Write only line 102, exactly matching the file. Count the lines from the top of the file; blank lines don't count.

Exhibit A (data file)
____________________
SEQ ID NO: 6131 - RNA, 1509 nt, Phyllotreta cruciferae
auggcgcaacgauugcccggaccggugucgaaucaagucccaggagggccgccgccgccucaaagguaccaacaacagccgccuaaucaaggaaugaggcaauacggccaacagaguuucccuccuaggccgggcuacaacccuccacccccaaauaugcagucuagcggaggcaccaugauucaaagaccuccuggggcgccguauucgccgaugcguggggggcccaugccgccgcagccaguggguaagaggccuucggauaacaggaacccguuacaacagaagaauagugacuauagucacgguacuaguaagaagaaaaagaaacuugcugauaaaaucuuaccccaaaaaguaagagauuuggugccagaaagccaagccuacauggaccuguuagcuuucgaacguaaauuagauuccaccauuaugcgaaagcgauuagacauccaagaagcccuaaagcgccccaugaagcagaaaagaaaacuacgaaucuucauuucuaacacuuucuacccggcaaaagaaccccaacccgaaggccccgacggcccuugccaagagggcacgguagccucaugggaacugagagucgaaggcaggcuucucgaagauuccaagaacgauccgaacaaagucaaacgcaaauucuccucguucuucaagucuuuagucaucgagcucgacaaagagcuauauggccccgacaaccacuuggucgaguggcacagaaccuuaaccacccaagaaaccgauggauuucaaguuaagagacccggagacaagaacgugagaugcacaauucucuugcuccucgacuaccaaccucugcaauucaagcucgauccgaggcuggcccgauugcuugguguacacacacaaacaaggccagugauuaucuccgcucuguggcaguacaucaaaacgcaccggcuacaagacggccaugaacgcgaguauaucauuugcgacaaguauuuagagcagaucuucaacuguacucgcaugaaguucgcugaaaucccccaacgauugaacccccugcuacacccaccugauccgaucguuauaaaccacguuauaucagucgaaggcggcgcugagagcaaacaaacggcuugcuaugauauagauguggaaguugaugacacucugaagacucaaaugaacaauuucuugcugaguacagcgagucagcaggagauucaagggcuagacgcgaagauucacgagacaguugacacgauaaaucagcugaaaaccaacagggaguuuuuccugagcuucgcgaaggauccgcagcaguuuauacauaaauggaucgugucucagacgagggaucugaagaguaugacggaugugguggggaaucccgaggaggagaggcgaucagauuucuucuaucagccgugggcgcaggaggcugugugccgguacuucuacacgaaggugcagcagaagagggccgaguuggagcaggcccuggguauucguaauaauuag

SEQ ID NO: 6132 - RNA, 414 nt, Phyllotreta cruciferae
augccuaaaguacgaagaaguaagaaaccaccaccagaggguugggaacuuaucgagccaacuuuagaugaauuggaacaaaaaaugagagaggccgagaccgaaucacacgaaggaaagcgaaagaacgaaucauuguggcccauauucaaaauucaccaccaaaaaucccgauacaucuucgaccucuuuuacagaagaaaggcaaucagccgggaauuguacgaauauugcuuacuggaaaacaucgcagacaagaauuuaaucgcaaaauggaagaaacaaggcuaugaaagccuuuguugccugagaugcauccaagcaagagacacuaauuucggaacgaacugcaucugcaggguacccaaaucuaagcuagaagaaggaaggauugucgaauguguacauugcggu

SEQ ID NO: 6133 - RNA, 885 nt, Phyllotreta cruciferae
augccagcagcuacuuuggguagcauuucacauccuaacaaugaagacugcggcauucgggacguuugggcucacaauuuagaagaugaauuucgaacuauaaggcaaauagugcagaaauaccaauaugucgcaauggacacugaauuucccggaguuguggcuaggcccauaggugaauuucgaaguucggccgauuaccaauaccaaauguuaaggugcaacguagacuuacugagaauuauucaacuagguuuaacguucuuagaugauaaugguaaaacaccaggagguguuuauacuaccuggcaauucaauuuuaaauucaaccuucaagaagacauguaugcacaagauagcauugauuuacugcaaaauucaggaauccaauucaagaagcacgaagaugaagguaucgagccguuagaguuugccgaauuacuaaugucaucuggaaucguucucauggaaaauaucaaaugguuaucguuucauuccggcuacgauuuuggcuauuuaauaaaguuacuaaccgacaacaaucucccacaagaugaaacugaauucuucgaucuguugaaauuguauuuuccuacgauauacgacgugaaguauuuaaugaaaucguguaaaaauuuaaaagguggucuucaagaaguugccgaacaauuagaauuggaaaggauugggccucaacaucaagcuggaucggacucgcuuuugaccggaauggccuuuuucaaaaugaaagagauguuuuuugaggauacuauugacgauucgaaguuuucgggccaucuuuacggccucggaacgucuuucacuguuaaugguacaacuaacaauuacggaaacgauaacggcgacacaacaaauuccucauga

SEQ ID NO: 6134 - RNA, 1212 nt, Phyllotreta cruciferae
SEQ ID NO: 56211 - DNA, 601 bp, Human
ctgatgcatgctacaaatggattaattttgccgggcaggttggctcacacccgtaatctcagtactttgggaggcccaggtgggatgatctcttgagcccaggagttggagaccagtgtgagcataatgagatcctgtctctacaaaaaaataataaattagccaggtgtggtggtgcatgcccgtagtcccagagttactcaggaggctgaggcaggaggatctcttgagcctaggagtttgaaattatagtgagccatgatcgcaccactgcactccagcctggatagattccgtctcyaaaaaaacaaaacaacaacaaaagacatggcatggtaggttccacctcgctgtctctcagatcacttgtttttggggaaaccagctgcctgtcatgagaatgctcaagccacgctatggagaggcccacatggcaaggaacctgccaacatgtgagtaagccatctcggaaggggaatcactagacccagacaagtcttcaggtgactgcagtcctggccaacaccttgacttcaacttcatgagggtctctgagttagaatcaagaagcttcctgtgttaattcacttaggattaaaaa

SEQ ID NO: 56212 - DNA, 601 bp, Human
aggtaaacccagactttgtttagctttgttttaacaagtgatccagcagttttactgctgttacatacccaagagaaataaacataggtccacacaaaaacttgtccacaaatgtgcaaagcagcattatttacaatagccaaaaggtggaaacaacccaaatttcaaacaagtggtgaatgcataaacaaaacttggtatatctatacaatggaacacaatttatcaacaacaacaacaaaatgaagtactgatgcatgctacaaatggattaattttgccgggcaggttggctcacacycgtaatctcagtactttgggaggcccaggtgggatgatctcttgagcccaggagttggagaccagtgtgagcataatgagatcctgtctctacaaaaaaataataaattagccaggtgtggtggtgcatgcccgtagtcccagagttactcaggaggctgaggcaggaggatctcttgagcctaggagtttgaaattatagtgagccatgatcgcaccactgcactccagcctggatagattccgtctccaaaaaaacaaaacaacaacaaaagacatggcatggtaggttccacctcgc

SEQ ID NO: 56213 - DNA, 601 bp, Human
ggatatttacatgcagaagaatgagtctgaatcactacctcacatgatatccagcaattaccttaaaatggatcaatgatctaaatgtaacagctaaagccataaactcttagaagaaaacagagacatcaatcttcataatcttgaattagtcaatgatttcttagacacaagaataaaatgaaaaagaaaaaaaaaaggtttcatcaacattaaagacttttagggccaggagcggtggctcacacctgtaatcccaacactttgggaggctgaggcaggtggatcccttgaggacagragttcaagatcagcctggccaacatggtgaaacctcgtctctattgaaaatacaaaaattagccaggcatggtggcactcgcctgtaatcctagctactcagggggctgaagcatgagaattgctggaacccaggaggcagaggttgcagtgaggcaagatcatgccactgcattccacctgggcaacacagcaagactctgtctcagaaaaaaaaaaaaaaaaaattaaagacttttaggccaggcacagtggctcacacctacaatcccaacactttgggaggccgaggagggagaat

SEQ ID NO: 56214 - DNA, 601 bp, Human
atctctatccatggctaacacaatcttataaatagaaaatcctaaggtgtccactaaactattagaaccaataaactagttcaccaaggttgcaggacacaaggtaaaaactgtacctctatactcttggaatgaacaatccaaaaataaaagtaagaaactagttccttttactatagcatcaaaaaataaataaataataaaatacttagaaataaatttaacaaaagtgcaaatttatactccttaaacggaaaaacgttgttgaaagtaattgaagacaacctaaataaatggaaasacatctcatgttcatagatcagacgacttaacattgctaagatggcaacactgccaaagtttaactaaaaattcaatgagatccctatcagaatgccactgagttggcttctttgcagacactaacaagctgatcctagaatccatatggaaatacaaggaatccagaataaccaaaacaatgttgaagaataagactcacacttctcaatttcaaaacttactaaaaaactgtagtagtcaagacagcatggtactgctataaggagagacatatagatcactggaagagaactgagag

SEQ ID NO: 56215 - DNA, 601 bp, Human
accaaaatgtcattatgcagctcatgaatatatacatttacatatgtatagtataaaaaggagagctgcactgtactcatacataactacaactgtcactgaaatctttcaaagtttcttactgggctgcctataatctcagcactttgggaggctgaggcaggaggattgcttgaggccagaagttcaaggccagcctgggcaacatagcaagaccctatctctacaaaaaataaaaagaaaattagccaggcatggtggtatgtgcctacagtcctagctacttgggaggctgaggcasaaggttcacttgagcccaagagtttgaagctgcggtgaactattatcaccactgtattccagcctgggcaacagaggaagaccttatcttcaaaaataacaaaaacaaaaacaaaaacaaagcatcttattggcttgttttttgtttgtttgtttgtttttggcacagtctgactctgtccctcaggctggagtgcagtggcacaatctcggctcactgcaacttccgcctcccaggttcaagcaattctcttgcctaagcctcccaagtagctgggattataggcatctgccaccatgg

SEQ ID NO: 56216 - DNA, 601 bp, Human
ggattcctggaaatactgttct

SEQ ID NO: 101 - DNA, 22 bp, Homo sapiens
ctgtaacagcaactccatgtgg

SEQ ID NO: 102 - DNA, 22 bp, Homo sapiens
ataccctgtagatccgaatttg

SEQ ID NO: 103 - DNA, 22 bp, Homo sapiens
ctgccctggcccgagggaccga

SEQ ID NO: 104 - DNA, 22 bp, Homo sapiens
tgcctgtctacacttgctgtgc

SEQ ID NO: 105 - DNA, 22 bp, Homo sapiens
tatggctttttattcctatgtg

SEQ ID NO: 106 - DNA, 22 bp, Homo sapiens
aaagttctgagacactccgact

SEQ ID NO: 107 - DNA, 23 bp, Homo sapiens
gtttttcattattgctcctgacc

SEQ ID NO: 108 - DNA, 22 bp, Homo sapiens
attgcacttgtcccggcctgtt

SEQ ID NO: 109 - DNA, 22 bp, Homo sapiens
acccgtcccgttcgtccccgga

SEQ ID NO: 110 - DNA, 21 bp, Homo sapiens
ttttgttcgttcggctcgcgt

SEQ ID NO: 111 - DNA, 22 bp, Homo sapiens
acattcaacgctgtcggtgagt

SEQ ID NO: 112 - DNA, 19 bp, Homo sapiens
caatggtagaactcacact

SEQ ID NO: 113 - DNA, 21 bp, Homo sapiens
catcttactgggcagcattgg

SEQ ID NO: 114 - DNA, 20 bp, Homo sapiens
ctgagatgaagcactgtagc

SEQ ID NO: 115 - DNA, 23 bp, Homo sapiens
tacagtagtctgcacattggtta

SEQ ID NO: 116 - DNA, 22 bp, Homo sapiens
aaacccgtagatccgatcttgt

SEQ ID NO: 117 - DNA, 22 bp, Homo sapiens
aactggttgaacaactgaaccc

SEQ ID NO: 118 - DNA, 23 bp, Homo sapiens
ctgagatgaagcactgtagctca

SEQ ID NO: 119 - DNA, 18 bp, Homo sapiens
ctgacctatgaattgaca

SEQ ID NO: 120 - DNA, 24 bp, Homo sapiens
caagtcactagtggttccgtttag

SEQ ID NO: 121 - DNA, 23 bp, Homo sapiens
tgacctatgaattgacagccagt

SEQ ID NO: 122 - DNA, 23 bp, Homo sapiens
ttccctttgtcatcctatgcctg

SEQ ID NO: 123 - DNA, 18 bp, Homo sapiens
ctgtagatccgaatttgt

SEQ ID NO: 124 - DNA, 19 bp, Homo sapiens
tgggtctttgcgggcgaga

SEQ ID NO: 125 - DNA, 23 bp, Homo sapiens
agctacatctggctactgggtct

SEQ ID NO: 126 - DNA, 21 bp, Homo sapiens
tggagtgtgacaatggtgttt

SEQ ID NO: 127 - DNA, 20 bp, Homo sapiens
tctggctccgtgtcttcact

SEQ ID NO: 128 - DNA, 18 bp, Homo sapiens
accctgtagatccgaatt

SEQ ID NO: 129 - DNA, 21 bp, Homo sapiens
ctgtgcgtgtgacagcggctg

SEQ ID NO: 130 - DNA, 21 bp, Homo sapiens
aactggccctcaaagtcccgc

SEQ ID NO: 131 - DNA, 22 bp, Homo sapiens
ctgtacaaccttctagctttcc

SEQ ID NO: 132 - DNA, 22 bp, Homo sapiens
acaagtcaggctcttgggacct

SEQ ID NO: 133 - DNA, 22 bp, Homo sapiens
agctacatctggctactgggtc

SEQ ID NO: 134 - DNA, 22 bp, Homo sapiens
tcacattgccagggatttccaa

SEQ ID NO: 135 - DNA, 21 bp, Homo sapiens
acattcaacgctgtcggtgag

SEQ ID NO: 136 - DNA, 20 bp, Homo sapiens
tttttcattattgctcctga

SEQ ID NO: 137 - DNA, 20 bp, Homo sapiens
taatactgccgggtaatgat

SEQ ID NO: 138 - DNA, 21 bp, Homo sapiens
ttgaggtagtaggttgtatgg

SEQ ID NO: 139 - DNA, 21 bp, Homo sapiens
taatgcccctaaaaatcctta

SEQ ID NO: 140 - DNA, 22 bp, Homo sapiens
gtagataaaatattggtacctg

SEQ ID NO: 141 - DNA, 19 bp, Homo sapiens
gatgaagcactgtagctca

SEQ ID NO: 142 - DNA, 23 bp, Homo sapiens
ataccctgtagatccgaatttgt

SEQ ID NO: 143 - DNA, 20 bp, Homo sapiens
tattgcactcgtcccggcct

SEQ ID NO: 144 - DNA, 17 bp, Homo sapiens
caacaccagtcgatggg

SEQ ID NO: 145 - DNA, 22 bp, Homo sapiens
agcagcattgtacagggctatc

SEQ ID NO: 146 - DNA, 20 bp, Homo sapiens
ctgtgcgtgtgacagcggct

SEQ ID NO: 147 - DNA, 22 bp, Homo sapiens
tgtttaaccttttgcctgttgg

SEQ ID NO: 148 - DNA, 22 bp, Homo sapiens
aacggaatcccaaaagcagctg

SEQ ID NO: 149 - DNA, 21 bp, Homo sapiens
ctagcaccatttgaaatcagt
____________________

SEQ ID NO: 142 - DNA, 23 bp, Homo sapiens